We have more Nobel-prize winners than any other country, but we also have Florida Man committing head-slappingly stupid crimes.
Sure, we have more Nobel-prize winners than any other country, but we also have Florida Man committing head-slappingly stupid crimes (“Florida man kidnaps scientist to make his dog immortal”). Yes, many other countries have Nobel prize winners, but what other country has Florida Man? Florida Man is a redneck crook idiot who deserves his Rube Goldberg punishments, and while many leftists believe America is less Forrest Gump and more Florida Man – especially the leftists who hate guns – they’re wrong.
For as Otter, the head of the Deltas, tells the Student Senate in National Lampoon’s Animal House in the most stirringly patriotic speech ever delivered in an American film:
The issue here is not whether we broke a few rules or took a few liberties with our female party guests – we did. But you can’t hold a whole fraternity responsible for the behavior of a few, sick perverted individuals. For if you do, then shouldn’t we blame the whole fraternity system? And if the whole fraternity system is guilty, then isn’t this an indictment of our educational institutions in general? I put it to you… Isn’t this an indictment of our entire American society? Well, you can do what you want to us, but we’re not going to sit here and listen to you badmouth the United States of America!
We learn at the end of Animal House that Otter will become a Beverly Hills gynecologist –i.e., rich and happy – while the most ursine of the Deltas, John “Bluto” Blutarsky, will be elected to the U.S. Senate… and from there, who knows? As for the sticklers and sticks-in-the-mud who want to kill the party spirit at Faber College? One goes from the Nixon White House right to prison (where he is, shall we say, manhandled), while the other is killed by his own troops in Vietnam.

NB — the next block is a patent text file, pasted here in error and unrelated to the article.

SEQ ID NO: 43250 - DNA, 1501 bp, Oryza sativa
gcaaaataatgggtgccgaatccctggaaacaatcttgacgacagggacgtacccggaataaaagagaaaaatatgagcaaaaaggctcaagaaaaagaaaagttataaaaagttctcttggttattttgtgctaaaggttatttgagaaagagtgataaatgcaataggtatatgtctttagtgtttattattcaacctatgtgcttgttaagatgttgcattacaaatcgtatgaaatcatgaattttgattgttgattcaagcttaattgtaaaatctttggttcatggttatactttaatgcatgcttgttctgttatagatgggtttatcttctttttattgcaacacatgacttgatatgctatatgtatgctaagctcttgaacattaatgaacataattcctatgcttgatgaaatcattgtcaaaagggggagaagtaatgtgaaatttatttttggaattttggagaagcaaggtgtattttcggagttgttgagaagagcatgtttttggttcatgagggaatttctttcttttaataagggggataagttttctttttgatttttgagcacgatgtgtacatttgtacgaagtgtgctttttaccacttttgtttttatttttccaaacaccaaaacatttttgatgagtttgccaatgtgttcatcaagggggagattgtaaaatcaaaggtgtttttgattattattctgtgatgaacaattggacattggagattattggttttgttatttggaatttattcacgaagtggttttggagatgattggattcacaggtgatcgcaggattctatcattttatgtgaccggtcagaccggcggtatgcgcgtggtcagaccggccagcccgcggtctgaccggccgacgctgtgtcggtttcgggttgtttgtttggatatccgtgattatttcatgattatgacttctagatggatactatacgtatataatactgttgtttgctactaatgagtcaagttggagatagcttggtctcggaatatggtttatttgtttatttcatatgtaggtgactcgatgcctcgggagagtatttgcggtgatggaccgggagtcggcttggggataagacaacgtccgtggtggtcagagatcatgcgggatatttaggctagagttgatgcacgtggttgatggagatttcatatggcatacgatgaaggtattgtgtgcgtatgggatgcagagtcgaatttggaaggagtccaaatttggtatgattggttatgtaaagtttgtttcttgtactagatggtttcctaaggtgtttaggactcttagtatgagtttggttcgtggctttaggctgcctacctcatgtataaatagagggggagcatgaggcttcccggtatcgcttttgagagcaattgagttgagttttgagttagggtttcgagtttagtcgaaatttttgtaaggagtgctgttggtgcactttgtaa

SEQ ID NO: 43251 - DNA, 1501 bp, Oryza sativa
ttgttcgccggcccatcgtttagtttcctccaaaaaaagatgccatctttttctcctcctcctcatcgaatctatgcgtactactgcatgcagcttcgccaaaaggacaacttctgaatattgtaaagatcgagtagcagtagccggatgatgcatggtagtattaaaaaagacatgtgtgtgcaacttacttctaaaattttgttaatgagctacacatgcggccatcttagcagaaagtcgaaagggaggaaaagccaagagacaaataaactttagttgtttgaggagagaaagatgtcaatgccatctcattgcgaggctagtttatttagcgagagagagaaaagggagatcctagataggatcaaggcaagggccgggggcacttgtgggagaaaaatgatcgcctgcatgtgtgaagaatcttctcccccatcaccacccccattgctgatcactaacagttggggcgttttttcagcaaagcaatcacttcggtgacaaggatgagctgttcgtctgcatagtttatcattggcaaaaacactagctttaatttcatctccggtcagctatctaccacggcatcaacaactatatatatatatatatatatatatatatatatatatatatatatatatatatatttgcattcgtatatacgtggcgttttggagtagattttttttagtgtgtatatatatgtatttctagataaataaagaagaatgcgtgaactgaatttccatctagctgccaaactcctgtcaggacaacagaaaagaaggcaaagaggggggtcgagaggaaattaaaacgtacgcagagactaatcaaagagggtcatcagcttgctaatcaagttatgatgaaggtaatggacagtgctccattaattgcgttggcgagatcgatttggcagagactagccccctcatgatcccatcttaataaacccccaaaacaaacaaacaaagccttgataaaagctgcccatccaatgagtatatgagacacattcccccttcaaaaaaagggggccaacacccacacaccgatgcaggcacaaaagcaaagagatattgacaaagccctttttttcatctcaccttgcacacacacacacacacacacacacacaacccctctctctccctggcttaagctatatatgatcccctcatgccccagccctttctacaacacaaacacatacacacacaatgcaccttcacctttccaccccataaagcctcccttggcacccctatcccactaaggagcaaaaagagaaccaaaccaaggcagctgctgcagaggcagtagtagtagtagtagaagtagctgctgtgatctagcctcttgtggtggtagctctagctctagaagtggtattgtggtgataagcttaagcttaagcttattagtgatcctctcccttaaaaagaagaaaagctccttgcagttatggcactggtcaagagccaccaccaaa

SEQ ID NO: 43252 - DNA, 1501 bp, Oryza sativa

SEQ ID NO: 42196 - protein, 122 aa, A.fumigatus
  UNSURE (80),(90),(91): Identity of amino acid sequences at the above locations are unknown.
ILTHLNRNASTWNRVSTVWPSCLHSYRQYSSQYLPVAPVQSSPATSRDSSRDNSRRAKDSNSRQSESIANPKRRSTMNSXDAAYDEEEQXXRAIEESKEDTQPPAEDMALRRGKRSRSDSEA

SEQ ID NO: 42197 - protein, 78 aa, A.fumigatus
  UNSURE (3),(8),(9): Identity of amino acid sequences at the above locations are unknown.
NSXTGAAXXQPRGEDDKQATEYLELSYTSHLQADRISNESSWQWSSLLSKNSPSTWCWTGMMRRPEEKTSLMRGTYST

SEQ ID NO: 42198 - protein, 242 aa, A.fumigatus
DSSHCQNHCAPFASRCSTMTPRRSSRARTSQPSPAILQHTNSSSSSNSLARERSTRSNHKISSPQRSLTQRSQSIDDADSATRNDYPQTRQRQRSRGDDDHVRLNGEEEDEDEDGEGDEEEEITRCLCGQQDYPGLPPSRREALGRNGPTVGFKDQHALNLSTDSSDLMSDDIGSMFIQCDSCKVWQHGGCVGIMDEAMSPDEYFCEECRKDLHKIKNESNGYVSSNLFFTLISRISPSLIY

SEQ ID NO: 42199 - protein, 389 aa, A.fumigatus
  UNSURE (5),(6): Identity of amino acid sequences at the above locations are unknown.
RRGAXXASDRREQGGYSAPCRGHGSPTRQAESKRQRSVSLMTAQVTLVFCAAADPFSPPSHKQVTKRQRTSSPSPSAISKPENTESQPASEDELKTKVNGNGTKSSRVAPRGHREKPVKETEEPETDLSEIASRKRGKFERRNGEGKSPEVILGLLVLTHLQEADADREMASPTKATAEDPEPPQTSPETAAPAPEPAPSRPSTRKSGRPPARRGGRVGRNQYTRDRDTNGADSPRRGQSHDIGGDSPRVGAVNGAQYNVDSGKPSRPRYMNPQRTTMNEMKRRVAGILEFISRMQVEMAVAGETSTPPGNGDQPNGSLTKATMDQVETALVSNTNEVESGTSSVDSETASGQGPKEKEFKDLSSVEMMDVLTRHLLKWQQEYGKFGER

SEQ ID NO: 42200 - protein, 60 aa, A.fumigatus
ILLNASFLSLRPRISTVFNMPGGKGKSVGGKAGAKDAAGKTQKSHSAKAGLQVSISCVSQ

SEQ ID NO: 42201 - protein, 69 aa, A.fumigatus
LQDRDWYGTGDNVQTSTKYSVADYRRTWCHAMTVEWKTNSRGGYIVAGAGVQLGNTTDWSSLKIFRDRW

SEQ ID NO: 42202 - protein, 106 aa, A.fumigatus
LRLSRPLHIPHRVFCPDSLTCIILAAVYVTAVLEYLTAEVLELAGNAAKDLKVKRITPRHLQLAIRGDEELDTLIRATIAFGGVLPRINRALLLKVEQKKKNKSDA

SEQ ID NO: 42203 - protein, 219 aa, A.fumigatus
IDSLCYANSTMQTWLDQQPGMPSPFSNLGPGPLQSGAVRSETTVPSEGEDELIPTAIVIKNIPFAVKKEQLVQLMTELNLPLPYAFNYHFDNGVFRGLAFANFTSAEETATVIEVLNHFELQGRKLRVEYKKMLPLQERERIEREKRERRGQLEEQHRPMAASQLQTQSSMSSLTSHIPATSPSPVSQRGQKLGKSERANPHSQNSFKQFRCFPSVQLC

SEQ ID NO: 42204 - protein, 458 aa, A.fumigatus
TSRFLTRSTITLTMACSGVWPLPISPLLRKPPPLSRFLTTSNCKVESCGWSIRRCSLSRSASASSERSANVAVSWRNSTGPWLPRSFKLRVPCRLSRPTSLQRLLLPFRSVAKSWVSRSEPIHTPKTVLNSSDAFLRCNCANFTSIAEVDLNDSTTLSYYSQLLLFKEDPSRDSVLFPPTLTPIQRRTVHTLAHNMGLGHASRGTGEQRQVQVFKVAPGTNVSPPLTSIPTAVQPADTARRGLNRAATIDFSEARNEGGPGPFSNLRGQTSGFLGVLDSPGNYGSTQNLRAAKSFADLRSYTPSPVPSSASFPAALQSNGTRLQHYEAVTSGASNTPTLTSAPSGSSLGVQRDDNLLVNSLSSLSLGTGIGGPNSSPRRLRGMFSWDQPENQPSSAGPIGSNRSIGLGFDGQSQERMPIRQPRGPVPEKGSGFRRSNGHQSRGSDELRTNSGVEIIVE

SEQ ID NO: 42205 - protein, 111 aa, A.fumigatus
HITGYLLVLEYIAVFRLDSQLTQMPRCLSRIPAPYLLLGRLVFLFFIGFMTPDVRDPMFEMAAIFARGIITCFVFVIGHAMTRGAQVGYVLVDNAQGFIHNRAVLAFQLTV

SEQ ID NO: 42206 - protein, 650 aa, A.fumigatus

Interpose yourself between us and our happiness and buddy, you’re gonna get fragged. We love our fun.
Our founding document promises us the right to the pursuit of happiness. Interpose yourself between us and our happiness and buddy, you’re gonna get fragged. We love our fun.
The greatest of American myths – because it has more than its share of truth to it – is that the U.S. is a country that elevates the individual above the collective. This is true even when the individual doesn’t deserve it, like Florida Man. Here, the governed choose those who govern them, and nobody is truly the boss of anyone else (except financially). Therefore, the movies that both reflect and represent American greatness are the ones that show an American staking out his or her claim as an individual.
It’s a greatness that can be found in Tess, the Staten Island secretary of the comedy Working Girl, who poses as a Wall Street analyst and devises a brilliant idea for a trade. She is exposed and humiliated, but when her patrician boss steals credit for her brilliant merger-and-acquisition idea, Tess turns the tables and gets her boss’ “bony ass” fired.
It can be found in Vito Corleone, the quiet and deep one, who begins crossing to the other side of the law when he finds no other way to support his family. Soon he realizes he will be under the thumb of the self-infatuated and ruthless Don Fanucci, the Black Hand. During a festival in which Fanucci walks the streets like a king, Vito follows him from the rooftops until he descends and does some fragging. Vito is a criminal and a murderer, but he’s also a great American success story, just as The Godfather, Part II is the second-greatest American movie (No. 1 being, of course, The Godfather itself).
This greatness can also be found in Destry, the sheriff of the greatest of all comedy Westerns, Destry Rides Again. Played by the very exemplar of American greatness himself, James Stewart, Destry is a lawman who arrives in the hilariously named town of Bottleneck and disgusts all present by refusing to wear a gun and speaking in civil and gentle tones. Oh, he knows how to use a gun – it turns out he is a spectacular marksman – but he chooses not to… until he has no choice.
If the Texas of Giant is big and dumb, the Bottleneck of Destry Rides Again is small and quick. It is the very definition of a melting pot—everybody has come there from somewhere else, and quite recently, and the Polish and Yiddish and Irish and Scottish accents fly fast and furious. The thickest belongs to Marlene Dietrich, a chanteuse called Frenchy even though she is, of course, as German as sauerkraut. The folk of Bottleneck may hang out at a place called The Last Chance Saloon, but this place isn’t anybody’s last chance.
It’s the main chance. It’s the great chance. It’s America.